really place exactly why. In general, the music is better, which makes
me realize how much the music adds to the mood of a Star Wars movie. I
think Anakin was better here, as the dialog fits nicely with the little
boy that he is. The story flows better, without much coming out of the
blue. The villain (Maul) is also better defined; he has a hatred of the
Jedi. We don't know where that comes from, but it is his sole motivator.
Only when the movie started going into politics did it start to drag a
little. In general, however, I still like it a lot. To compare with its
sequel, I will watch Attack of the
Clones immediately after this. Last time, I found it boring for most
of the movie. Unlike this one, where I didn't get bored.
January 4th, 2002 on DVD
for the 5th time
I was reminded of my first time seeing this movie, in that I was not quite as impressed as the last time I watched it. I found the beginning to be slow, almost all the way to the podraces. I don't know why that is. Perhaps I was anticipating it too much, especially on DVD, and I was also very tired.
As usual, however, the lightsaber fights were spectacular, both the brief one on Tatooine and the
amazing final battle. The music is totally absorbing. but what I really noticed this time around were the sound effects. Not just the pod-racers, which has been stressed over the years, but other sounds, little clicks and whirls, footsteps, and the like. Very nice.
I noticed a lot of fragments of scenes that seemed new. The only official newly added scene is the Coruscant shuttle, but I noticed a lot of stuff during the podraces that wasn't in my video release.
What I would really like to talk briefly about is the DVD itself. I spent three evenings watching the DVD extras (though I probably could have done it in less time)! There is so much to see.
The documentary was spectacular. Unlike other documentaries (like the ones accompanying
Star Trek: The Motion Picture), I could watch this one over several times. I was not anticipating it, knowing in advance that there was no continuity-holding narration. But it turns out that this technique worked beautifully! It was superb, even to the point of showing us just a little more footage that would have been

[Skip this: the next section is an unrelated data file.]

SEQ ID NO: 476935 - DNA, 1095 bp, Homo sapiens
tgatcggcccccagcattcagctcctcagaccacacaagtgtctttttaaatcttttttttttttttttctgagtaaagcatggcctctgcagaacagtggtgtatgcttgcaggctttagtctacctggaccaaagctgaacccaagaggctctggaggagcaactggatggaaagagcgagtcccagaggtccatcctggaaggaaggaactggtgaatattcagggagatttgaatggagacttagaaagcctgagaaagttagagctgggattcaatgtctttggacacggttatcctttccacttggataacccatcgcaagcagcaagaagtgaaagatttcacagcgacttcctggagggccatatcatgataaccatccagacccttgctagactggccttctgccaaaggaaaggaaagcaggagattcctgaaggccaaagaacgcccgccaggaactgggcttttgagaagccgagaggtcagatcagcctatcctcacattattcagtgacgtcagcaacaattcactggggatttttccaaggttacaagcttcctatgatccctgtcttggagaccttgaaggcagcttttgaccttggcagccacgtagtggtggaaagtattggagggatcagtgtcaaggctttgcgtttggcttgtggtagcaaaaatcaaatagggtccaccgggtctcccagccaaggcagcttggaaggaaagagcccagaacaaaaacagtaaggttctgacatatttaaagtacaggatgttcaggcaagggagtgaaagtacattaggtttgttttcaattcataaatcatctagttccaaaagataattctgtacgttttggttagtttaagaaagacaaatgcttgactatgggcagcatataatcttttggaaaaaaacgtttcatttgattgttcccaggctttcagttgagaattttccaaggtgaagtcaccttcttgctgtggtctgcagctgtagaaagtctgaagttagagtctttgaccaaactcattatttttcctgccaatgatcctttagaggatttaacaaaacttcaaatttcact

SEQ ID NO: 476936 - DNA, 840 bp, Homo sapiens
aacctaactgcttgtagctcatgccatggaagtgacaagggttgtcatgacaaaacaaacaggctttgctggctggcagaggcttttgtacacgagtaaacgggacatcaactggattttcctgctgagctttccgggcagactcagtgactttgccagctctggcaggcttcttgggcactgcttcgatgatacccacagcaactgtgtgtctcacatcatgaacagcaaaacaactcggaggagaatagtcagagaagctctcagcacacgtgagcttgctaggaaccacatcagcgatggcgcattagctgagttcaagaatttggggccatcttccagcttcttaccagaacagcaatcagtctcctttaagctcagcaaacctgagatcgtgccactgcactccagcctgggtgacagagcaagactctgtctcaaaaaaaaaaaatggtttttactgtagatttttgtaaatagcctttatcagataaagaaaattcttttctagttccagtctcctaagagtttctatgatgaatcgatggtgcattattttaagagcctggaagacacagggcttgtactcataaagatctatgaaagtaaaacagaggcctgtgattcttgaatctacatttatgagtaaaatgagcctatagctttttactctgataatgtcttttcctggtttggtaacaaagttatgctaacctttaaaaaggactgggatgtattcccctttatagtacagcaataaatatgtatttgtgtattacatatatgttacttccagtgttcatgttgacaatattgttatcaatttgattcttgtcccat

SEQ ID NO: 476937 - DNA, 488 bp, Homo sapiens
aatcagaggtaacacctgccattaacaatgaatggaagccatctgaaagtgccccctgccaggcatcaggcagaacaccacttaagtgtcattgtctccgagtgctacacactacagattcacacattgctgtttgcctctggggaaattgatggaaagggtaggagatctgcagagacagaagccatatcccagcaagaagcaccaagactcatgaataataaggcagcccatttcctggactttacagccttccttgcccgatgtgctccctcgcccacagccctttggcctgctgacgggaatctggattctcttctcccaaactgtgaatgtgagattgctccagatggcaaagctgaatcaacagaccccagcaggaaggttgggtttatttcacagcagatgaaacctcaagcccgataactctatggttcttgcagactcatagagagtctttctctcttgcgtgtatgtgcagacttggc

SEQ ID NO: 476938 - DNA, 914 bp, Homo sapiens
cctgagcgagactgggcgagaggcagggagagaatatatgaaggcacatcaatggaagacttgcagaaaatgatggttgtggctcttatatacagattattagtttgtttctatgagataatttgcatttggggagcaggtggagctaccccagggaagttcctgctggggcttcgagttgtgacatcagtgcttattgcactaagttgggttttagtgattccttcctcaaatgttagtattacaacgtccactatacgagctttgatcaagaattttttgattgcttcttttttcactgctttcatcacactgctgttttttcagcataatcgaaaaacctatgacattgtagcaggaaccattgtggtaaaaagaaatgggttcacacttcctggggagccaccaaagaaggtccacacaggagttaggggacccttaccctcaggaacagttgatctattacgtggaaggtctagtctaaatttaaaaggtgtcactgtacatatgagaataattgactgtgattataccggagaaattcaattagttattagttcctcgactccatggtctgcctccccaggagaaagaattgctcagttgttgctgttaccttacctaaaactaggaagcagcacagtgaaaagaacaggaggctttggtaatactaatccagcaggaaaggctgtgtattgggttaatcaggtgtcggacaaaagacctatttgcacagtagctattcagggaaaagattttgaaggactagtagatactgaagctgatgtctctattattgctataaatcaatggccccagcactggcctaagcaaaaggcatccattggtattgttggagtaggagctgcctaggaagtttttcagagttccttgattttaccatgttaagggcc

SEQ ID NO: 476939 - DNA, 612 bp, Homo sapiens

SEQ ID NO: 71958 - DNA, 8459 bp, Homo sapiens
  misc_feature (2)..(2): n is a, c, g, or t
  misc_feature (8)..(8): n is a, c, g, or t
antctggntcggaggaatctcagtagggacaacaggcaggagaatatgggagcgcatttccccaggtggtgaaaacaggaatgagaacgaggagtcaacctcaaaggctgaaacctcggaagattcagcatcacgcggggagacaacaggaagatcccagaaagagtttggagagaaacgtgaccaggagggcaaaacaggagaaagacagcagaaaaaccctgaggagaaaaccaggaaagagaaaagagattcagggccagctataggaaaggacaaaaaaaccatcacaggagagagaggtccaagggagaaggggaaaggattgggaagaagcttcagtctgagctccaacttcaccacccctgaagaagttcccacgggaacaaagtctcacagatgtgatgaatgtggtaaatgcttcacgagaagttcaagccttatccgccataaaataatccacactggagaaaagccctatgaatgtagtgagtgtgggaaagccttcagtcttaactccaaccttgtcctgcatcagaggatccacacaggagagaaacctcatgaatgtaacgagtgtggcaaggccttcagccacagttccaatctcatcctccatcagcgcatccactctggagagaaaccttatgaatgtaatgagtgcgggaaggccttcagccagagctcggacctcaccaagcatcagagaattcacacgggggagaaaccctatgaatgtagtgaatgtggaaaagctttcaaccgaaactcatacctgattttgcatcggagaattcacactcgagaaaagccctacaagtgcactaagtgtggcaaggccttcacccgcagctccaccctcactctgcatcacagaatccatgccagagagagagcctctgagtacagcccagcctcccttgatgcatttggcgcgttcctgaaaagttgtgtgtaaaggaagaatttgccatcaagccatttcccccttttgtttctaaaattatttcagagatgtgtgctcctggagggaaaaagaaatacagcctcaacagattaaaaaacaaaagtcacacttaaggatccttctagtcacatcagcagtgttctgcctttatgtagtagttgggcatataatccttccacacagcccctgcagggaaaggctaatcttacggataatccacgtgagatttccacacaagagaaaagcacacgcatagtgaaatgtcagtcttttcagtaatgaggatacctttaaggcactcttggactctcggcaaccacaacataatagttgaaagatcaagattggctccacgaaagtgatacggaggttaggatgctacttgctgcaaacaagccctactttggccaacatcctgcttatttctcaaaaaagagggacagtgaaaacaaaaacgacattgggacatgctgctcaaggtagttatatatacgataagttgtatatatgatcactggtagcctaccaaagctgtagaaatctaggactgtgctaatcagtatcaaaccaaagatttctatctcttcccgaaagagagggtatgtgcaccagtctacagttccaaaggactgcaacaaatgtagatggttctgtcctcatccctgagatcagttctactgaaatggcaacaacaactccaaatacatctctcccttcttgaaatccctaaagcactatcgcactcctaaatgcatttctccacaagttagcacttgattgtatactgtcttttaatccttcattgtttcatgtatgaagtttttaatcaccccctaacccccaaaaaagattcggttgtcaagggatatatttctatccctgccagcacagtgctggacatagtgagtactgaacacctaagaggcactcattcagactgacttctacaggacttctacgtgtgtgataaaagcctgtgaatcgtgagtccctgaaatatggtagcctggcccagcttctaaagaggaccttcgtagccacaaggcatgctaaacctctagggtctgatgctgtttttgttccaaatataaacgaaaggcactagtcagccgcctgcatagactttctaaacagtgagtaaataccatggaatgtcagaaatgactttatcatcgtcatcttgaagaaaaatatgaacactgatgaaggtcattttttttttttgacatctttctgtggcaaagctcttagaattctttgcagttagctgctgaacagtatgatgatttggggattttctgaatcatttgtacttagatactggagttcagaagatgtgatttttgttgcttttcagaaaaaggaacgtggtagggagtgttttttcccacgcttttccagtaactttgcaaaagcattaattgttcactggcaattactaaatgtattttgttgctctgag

cut from the film.
Speaking of cut scenes, all of the deleted scenes were spectacular. I can see why (also described in the documentary enveloping them) they remained cut, for the most part. But I think Anakin's fight with Greedo would have been neat to see (just for fun- because of
A New Hope), contrary to my opinion in the novelization. And the scene where Qui-Gon destroys the Sith probe droid would have increased the tension, bridging the next couple of scenes. It would explain why Anakin and Qui-Gon were running to their ship, why Qui-Gon was suspicious, and why Anakin obeyed his "drop!" order so quickly without question when Darth Maul approached.
I remember watching some of Lynn's diaries on starwars.com years ago, and it was really nice to rewatch them here. I had never seen the featurettes, though, and was immensely intrigued by them. There was overlapping footage between many of them with each other and with the documentary, though, which I wish could have been removed for unique footage.
I had copied the movie trailers to CD, but it is even better to have them on DVD now! The TV spots were typical, but the tone poems were fantastic! I had never seen these -they were beautifully scripted, especially Shmi's, and wonderfully in tune with the images (especially Anakin's). I have already watched them several times over.
I have not been a fan of the technical aspects of filmmaking for a long time. I used to read all the guidebooks effects books, but currently I have no more than a passing interest in them. I took a look at the animatics, and they were neat, but nothing more. To other people, I'm sure they are
fascinating. Same thing with the still pictures. I flipped through them and the posters very quickly.
I have only listened to a little of the audio commentary for the movie so far -that requires watching the movie and ignoring what is happening on the screen, and I'm not sure I am capable of
properly doing that! But I look forward to doing it all the same.
It is definitely worth seeing the DVD version of the movie, and for once, I
think all the extras that come along with it are well worth it.
May 6th, 2001 on Video
for the 4th time
Although there are things
that get in the way of a perfect story, this movie is so well-made, and
so overwhelming, that it blows any normal movies away. I still love this
movie for the awe it gives me, with the beautiful effects, a story that
doesn't slow for more than a moment, and engaging characters.
There are still some things that I didn't really like about The Phantom Menace, but they are gradually receding into the background, probably in a similar vein to the awkward moments in
Star Wars that have vanished. Prime among these are bits of trite and often just goofy dialog, such as all of Anakin's talk when he was "flying" the Naboo starfighter.